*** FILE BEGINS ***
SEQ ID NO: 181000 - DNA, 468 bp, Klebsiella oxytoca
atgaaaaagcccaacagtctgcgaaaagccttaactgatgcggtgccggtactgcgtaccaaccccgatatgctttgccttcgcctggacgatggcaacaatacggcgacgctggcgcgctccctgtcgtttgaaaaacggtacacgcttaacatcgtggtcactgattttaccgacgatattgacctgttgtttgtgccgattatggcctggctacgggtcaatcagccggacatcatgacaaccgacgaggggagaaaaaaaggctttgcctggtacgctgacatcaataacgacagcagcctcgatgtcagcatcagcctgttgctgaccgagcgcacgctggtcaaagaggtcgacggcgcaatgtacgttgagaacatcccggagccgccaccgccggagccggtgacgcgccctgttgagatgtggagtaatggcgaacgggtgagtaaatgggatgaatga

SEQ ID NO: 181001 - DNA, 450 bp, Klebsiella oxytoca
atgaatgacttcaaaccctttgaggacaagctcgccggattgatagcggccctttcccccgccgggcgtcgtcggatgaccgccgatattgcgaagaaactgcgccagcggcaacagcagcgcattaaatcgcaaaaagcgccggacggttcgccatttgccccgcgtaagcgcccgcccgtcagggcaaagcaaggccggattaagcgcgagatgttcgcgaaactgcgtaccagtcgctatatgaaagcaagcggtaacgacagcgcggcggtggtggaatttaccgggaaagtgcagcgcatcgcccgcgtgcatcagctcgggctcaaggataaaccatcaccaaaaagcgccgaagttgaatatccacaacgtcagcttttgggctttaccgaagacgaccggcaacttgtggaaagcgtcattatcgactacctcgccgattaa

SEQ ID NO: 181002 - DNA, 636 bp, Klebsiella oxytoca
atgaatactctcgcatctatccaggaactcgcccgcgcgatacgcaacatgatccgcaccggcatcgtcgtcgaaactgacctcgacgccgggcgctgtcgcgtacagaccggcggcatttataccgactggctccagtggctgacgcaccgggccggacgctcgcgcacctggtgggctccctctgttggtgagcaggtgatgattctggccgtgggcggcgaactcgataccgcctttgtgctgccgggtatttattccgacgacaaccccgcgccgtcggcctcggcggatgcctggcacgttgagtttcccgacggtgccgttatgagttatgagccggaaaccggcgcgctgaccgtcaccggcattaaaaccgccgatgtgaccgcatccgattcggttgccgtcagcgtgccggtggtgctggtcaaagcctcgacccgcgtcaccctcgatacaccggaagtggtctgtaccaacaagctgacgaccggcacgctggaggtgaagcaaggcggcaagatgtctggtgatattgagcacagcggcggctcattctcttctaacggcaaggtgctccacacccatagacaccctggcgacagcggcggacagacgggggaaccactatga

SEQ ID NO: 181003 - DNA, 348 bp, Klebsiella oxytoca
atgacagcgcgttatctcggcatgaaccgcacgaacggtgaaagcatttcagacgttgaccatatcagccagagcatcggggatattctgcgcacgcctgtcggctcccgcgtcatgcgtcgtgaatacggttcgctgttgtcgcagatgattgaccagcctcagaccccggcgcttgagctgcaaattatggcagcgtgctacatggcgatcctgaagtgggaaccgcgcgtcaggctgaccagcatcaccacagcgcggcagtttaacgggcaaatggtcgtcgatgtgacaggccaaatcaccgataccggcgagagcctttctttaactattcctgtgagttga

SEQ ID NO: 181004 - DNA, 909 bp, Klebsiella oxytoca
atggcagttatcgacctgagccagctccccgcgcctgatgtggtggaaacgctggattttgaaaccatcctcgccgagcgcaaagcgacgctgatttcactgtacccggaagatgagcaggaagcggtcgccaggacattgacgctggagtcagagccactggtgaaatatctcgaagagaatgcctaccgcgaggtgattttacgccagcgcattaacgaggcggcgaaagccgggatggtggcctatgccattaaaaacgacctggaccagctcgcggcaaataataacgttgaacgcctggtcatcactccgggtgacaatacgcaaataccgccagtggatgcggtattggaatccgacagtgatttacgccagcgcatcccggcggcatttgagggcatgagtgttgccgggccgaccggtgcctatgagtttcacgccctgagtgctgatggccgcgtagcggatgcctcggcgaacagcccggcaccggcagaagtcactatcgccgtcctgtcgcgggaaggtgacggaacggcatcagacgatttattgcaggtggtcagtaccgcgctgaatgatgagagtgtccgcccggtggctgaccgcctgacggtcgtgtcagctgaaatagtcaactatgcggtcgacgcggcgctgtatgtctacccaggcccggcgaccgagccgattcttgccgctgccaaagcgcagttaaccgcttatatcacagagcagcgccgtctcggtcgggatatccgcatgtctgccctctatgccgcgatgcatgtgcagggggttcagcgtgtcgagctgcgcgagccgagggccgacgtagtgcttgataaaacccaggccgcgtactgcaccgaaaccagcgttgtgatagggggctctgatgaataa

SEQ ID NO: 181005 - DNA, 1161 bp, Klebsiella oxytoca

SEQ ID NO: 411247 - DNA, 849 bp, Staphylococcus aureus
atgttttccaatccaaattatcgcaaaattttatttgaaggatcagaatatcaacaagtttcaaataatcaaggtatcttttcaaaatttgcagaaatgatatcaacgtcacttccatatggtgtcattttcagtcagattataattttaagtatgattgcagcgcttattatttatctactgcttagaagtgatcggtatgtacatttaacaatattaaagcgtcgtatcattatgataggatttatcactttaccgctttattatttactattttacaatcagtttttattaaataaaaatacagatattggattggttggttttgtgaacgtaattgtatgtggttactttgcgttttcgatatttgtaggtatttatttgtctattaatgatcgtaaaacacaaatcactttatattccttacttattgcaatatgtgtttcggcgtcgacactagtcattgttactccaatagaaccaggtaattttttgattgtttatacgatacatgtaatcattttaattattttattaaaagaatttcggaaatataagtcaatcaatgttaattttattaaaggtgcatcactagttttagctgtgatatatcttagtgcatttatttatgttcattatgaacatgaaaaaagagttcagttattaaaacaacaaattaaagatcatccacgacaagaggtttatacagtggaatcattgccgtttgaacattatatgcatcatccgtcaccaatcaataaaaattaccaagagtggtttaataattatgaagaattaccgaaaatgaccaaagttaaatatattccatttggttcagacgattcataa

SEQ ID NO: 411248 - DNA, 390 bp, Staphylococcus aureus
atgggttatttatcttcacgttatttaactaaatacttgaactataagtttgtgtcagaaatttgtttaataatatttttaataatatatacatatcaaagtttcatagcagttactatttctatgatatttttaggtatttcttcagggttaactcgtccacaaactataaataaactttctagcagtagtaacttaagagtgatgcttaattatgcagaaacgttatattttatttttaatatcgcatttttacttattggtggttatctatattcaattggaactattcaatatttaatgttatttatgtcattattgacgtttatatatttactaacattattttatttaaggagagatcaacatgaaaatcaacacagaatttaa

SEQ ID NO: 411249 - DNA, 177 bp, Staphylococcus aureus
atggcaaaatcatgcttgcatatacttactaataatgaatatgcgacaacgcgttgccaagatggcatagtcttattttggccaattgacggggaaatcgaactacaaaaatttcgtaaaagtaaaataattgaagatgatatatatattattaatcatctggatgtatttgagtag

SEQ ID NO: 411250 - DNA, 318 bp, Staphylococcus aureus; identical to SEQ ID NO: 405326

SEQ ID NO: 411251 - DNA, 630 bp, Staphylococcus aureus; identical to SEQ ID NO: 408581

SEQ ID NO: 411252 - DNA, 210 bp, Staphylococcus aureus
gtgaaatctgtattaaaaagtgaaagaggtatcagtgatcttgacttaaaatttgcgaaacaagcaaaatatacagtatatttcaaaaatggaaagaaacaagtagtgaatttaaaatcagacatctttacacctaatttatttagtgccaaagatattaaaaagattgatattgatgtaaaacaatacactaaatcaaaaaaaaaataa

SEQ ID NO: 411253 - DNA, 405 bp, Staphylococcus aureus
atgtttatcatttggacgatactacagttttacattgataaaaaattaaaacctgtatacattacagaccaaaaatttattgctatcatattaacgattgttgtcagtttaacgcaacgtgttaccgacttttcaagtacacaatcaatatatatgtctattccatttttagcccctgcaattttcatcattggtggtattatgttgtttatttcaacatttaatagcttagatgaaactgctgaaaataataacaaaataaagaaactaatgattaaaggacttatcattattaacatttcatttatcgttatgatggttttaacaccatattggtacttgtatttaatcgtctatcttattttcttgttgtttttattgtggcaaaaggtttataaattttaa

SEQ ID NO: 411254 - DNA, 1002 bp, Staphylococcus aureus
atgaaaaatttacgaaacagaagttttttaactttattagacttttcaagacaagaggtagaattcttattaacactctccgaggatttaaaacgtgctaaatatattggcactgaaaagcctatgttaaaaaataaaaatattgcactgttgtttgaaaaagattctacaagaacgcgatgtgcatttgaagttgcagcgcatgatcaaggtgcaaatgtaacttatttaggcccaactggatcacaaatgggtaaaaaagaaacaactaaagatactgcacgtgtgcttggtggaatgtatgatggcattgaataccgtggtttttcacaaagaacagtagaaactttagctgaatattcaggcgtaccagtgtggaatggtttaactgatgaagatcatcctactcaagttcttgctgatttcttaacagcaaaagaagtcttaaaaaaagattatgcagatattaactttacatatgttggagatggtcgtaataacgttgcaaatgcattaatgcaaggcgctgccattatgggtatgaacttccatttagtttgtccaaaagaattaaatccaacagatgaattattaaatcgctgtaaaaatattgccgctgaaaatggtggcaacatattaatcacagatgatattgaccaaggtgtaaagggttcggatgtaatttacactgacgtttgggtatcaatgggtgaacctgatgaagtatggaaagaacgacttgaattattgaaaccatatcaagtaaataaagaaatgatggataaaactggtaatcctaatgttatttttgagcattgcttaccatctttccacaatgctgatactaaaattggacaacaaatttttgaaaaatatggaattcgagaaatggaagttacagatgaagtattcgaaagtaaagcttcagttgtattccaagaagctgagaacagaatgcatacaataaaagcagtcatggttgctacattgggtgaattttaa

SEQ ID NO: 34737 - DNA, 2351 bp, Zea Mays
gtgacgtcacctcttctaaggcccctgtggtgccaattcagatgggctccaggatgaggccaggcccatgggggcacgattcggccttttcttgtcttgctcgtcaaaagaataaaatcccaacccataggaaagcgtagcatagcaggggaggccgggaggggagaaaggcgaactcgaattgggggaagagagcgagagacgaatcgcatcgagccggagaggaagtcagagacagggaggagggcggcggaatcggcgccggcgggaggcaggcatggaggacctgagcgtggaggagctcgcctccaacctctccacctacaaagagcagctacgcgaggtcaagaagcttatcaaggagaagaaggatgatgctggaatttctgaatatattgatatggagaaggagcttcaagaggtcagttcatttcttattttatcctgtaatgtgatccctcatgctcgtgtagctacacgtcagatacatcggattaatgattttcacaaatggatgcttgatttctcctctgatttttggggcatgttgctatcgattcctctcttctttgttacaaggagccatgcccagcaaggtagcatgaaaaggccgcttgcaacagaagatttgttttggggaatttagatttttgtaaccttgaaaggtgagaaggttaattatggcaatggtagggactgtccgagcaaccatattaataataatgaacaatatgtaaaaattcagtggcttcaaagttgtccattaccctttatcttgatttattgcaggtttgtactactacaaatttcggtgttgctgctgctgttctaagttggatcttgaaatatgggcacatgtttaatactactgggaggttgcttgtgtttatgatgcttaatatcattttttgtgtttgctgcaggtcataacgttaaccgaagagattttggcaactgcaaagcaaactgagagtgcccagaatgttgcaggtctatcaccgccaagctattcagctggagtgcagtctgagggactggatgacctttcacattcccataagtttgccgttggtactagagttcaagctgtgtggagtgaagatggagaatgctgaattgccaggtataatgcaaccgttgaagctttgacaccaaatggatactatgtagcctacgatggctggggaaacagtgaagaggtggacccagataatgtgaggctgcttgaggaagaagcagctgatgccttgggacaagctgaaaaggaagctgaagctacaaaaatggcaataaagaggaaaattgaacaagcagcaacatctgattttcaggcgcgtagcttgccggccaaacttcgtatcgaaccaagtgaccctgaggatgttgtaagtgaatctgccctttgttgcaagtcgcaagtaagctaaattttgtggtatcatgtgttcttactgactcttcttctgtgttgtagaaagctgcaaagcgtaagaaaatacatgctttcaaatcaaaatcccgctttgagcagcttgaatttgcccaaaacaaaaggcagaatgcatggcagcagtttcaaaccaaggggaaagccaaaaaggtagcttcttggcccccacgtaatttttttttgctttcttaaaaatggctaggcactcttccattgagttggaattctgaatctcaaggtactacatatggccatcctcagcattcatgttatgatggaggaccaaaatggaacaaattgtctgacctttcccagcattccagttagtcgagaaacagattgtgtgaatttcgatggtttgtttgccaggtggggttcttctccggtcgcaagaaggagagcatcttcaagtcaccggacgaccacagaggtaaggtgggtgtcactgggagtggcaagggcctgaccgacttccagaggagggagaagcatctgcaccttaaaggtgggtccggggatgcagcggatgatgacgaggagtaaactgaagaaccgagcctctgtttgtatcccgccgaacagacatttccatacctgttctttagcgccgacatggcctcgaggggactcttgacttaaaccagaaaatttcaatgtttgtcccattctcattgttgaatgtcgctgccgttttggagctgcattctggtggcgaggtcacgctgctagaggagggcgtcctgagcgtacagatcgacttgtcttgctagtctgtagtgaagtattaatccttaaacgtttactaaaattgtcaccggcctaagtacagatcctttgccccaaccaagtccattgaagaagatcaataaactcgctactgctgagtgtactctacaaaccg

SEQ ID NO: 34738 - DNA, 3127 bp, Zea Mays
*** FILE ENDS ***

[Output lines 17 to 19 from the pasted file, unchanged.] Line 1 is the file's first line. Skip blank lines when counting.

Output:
atggcaaaatcatgcttgcatatacttactaataatgaatatgcgacaacgcgttgccaagatggcatagtcttattttggccaattgacggggaaatcgaactacaaaaatttcgtaaaagtaaaataattgaagatgatatatatattattaatcatctggatgtatttgagtag

SEQ ID NO: 411250 - DNA, 318 bp, Staphylococcus aureus; identical to SEQ ID NO: 405326

SEQ ID NO: 411251 - DNA, 630 bp, Staphylococcus aureus; identical to SEQ ID NO: 408581